ISO 20022 is an international standard for exchanging electronic information between financial institutions (FIs), covering trade, cards, payments, securities, and FX. Until recently, organisations used different ways to share this information, resulting in delays and inefficiencies. ISO 20022 is predicted to revolutionise the banking sector, and the increased ‘rich’ data transfer it enables is immensely attractive for FIs as it can enable stronger security and reduce transaction errors.
Financial institutions will be familiar with ISO 8583, but a key differentiator between the two is ISO 20022, a universal standard, covers all transactions, whereas ISO 8583 covers only card transactions. While ISO 8583 is still in use and relevant as a format, with Europe driving innovation in areas such as open banking and faster payments, US FIs as well as the rest of the world will need to comply with ISO 20022 if only for interoperability.
The need for a global standard is clear – payments systems based on different standards leads to a lack of interoperability and poses a barrier to data automation capabilities. With the global introduction of ISO 20022 standards for cross-border payments, a common basis will be introduced, allowing data-rich transmission which has previously not been possible under current message standards. This will lead to a bank and its clients being able to process payments far more efficiently and economically, and the information from payer to beneficiary will flow seamlessly with full data content, resulting in greater customer satisfaction and improved fulfillment of compliance requirements.
What are its pros and cons?
The main advantage of ISO 20022 is the richness of information that can be transmitted and universally understood in any given message. Here are other key industry pros and cons of ISO20022:
|> Efficiency gains – Increased efficiencies from a standardised and harmonised format of financial messaging, increased straight-through processing rates |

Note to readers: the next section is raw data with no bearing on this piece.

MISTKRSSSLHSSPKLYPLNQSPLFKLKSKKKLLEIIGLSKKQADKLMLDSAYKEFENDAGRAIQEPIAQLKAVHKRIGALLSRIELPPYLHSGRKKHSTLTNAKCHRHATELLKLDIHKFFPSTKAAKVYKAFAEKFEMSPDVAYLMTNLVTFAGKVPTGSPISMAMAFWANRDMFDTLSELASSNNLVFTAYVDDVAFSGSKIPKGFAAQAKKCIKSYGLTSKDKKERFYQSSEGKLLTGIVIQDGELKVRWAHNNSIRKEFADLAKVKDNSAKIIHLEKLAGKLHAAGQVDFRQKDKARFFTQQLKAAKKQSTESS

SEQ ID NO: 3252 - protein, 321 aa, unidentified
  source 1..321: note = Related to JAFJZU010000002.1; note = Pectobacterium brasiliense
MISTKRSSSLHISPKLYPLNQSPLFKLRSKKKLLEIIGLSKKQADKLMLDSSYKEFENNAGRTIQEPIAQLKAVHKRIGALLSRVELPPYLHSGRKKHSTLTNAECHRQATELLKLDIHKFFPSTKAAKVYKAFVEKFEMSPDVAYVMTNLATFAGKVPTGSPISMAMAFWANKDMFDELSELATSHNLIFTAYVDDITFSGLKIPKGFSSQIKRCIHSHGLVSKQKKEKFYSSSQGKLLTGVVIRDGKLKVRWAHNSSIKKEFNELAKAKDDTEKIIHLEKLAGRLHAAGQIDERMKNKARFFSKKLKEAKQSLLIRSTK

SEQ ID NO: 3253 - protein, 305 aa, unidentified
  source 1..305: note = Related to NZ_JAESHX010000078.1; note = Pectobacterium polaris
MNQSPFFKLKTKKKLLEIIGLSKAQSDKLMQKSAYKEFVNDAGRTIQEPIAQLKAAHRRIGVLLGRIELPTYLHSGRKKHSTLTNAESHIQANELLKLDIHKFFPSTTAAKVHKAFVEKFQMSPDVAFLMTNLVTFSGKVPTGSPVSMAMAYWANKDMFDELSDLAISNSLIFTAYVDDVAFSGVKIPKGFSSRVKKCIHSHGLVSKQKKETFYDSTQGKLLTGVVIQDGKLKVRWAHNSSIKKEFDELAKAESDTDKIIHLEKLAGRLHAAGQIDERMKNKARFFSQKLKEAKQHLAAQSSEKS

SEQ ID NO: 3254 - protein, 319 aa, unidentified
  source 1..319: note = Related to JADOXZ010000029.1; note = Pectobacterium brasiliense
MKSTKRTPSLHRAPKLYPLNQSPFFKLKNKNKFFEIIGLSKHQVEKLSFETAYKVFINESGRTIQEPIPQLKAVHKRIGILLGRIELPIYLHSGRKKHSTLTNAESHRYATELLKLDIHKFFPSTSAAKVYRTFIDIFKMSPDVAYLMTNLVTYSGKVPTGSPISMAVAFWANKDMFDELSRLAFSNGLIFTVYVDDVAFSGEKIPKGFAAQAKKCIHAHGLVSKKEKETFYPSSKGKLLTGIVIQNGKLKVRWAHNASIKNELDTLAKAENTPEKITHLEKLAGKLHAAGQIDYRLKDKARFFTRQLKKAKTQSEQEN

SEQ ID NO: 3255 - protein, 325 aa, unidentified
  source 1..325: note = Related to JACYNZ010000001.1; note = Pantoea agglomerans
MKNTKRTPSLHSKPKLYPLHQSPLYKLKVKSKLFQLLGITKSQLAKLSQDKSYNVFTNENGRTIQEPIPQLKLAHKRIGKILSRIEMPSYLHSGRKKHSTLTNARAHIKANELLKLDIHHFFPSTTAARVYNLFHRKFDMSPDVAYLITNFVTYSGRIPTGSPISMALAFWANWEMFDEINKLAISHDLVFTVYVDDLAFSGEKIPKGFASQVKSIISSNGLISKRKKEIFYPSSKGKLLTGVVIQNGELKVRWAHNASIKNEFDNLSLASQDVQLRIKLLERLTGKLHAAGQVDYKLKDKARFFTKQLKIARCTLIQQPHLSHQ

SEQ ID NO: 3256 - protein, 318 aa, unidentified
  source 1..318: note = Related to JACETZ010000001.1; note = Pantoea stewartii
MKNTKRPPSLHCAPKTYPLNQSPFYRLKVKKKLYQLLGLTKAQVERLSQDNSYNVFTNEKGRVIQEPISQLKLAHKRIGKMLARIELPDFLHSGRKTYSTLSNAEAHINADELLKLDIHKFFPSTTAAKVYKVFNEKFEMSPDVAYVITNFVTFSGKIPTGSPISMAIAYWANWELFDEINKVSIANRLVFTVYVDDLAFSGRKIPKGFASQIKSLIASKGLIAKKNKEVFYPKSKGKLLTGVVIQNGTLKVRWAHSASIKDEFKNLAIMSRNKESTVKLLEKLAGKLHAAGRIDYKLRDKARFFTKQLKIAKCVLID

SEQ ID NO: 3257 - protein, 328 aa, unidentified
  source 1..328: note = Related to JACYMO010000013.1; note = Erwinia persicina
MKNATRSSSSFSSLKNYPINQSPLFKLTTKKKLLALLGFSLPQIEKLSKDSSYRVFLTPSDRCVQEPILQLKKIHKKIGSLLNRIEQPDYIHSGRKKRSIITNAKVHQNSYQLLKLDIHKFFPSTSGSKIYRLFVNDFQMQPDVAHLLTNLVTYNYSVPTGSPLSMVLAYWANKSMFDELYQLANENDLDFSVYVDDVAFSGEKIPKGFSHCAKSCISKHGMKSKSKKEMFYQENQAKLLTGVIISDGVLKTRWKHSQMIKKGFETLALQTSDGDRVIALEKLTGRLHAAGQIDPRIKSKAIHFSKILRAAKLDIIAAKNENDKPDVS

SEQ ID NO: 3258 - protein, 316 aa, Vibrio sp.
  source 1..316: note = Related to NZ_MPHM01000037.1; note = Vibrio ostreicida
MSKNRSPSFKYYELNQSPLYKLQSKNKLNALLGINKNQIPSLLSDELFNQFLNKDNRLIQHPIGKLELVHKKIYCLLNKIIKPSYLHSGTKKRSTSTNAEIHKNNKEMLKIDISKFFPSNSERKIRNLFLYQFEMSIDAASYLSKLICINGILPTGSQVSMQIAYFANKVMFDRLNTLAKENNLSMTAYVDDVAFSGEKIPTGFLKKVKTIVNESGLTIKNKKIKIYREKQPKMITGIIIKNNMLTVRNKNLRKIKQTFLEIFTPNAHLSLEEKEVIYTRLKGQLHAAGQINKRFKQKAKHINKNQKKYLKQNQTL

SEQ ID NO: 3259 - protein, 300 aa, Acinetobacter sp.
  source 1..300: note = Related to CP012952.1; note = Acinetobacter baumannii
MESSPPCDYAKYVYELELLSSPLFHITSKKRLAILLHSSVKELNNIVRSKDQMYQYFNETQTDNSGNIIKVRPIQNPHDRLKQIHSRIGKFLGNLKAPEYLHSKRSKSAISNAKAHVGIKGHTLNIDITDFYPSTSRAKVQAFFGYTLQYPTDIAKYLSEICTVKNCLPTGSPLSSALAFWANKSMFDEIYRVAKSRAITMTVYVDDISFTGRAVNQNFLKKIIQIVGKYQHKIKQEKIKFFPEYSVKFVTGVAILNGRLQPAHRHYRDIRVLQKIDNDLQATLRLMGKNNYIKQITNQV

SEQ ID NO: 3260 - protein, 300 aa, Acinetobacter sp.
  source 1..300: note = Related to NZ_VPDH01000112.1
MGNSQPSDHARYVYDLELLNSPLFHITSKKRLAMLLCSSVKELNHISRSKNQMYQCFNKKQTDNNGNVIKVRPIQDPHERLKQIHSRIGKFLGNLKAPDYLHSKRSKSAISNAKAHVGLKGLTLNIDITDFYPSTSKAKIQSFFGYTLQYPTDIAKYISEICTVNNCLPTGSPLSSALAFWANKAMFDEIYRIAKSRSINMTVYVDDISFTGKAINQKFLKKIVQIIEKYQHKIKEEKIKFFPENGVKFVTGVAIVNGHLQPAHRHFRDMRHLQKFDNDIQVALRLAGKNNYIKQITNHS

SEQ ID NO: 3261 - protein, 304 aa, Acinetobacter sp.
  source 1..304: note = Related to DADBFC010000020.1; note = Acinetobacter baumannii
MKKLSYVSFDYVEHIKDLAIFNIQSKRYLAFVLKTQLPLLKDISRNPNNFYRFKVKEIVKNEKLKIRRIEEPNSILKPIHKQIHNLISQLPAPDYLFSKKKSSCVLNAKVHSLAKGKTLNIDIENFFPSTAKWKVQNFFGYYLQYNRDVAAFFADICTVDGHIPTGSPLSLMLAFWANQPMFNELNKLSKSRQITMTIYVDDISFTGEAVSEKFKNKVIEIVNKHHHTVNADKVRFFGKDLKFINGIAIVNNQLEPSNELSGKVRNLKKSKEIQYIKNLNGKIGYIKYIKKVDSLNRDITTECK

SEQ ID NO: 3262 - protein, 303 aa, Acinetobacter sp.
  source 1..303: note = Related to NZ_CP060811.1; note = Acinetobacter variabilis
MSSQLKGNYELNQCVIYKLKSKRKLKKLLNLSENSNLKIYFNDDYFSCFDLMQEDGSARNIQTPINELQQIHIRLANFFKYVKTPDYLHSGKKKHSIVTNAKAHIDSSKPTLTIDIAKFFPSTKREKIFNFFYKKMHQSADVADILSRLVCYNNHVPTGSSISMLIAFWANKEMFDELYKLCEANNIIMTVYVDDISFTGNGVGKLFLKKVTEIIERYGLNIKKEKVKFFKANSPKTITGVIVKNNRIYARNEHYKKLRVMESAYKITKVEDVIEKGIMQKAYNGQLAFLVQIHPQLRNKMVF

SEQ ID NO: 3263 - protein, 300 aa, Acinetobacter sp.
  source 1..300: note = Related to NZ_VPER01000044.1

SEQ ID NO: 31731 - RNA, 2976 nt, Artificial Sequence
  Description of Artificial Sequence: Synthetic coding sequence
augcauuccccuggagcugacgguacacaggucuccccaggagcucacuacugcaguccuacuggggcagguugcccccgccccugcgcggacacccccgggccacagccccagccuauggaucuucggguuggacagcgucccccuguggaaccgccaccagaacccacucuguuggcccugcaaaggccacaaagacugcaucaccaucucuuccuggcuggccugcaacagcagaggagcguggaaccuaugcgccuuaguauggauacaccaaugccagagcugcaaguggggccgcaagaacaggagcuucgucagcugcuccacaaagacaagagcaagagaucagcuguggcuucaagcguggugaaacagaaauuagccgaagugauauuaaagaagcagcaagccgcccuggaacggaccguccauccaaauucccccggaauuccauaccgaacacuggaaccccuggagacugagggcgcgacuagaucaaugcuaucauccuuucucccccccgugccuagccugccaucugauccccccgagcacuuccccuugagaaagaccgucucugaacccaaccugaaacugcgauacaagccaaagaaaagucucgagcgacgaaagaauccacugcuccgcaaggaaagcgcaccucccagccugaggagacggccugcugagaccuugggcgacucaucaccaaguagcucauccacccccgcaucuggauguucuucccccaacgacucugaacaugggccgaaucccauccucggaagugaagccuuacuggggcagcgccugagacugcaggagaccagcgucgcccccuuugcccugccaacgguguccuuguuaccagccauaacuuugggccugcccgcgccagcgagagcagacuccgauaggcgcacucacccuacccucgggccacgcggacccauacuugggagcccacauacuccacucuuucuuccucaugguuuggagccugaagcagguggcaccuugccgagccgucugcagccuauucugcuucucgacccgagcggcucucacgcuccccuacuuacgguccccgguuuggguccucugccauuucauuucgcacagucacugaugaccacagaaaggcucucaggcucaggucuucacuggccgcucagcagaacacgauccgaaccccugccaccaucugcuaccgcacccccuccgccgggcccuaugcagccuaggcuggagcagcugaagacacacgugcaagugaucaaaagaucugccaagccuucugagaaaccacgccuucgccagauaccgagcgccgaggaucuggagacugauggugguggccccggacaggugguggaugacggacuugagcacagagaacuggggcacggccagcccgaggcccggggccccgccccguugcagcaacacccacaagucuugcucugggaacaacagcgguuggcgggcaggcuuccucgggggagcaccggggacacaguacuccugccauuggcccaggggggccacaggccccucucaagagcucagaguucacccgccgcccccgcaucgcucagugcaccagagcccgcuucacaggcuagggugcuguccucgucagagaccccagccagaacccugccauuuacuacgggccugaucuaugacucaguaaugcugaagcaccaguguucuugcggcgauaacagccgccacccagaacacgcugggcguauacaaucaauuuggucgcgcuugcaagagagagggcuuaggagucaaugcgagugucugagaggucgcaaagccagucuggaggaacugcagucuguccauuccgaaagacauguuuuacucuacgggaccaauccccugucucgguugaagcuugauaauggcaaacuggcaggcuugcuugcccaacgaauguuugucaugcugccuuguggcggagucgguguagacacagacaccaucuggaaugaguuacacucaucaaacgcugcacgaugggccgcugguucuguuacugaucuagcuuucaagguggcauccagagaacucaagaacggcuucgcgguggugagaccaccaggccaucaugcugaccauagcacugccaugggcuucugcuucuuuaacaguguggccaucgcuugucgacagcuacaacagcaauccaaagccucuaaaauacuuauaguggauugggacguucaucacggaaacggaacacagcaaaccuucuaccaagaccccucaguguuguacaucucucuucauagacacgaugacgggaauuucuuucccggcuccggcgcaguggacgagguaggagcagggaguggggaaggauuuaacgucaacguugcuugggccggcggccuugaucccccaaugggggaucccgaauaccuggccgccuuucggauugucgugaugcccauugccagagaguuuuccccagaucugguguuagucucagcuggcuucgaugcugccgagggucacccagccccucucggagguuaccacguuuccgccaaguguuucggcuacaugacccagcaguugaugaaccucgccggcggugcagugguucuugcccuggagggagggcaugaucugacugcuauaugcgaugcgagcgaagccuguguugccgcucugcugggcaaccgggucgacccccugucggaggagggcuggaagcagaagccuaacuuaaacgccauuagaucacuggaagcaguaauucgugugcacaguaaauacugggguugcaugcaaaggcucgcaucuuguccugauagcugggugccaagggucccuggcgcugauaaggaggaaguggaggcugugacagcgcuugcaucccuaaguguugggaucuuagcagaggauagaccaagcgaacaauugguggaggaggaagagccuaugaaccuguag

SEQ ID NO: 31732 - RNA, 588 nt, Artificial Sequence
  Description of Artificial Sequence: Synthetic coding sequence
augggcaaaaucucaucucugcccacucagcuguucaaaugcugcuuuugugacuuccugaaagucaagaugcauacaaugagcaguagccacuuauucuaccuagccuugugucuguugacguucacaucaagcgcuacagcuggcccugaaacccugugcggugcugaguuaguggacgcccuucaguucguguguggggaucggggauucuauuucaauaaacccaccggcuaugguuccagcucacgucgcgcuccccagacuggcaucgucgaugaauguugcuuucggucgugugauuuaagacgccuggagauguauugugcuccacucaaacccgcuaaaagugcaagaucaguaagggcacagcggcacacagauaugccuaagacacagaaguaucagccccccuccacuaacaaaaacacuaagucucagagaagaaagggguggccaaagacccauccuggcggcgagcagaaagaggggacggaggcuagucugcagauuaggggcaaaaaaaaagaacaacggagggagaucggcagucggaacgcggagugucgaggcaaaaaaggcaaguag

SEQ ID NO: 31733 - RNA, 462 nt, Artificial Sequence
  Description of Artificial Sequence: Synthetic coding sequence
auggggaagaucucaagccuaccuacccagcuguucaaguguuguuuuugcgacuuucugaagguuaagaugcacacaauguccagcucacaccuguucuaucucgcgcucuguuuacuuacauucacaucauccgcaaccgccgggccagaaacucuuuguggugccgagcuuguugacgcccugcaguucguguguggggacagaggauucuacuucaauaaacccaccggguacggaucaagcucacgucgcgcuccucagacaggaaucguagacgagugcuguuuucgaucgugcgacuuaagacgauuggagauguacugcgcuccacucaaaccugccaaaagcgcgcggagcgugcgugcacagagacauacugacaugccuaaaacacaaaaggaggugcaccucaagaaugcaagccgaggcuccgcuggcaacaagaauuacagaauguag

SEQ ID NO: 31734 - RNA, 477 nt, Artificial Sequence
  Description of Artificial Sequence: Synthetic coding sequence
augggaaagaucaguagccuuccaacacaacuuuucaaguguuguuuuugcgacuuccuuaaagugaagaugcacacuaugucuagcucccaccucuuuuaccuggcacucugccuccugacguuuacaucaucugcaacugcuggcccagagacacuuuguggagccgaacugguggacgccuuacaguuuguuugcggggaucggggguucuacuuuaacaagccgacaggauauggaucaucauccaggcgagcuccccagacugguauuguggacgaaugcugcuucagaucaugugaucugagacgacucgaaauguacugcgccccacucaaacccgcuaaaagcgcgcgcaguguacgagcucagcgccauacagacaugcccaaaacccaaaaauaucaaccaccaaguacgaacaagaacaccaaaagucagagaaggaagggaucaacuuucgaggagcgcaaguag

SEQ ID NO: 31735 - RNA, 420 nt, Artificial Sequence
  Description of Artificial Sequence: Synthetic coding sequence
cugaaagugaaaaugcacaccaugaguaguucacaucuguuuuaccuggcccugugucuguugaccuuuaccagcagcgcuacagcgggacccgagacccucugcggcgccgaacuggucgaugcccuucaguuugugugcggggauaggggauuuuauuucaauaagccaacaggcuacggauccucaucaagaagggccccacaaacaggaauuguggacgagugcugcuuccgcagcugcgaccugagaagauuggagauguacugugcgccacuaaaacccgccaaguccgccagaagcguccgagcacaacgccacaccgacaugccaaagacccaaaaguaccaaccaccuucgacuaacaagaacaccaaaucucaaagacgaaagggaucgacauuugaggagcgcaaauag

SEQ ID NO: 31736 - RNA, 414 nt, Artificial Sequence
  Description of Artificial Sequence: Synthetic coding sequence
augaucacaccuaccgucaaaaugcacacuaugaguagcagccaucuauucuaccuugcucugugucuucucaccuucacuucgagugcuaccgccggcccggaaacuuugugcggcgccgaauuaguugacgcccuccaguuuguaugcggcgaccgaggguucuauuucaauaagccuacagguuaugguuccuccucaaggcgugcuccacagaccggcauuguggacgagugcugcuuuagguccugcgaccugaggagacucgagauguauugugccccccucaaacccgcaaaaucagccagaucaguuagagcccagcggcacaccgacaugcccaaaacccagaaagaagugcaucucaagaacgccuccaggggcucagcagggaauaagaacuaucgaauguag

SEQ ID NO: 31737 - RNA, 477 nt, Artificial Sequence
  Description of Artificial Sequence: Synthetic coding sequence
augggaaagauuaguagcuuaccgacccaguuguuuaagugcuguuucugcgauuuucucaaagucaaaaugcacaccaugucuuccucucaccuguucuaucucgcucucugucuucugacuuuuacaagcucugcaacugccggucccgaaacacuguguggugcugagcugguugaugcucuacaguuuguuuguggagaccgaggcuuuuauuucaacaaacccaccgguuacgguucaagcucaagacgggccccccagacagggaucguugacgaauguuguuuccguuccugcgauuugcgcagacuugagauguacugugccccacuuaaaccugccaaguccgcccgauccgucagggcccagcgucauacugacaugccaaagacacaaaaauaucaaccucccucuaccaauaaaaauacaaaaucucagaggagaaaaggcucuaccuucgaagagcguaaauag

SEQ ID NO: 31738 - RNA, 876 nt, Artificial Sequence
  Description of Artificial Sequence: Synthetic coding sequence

> Cost savings – Potential simplification of cost-intensive processes such as payment processing, investigations, data analytics, reporting
> Digital compliance – Automated analytics for various compliance purposes (i.e. sanctions screening) based on structured information
> New and improved services – Enhanced customer satisfaction from improved services for corporate clients, addressing biggest pain points (e.g. reconciliation)
|> Period of transition and potential data truncation – the coexistence period comes with a risk for all agents and frustration for the beneficiary. Intermediary service providers must be amongst the first movers to ensure full data delivery end-to-end |
> Implementation costs – Significant investments and resources required until it releases anticipated benefits
> Industry-wide effort – Global consensus of market requirements and standards required
How does it work?
In the digital age, the FS industry mediates information through digital messages – both internally and over the internet. ISO 20022 is more than just a global message standard though – it works using three distinct layers. These levels are best explained using a simple payment credit transfer instruction example.
ExampleBank in Utrecht, the Netherlands (Bank Identifier Code (BIC) EXABNL2U) has been requested by its corporate customer ACME NV, Amstel 344, Amsterdam to transfer 12,500 US Dollars on 29 October 2019 from its account 8754219990.
Layer 1 – Business Model defines the relevant business process, parties involved, and information required for the business activity to take place. In this case, here is the simplified business model for a payment.
Layer 2 – Logical Message describes all of the information needed to perform the business activity. And here is the logical message structure specifically for a credit transfer.
Layer 3 – Syntax is the physical representation of the logical message. For ISO 20022, extensible markup language or XML is most commonly used.
Based on these three layers, the simple payment credit transfer instruction is as follows:
This message can be understood by any payments organisation that has adopted the ISO 20022 standard.
Of course, ISO 20022 is not limited to payments. It covers the entire financial services industry – enabling a common understanding and interpretation across diverse areas including securities, trade services, forex, cards and related services.
For banks, richer data and higher volumes of information being passed securely back and forth leads to more satisfied merchants. Pollinate’s data storage is compatible with ISO 20022, making it future-proof and easy to work with banks. Check out the Pollinate platform to see how you can transform your SME offering today.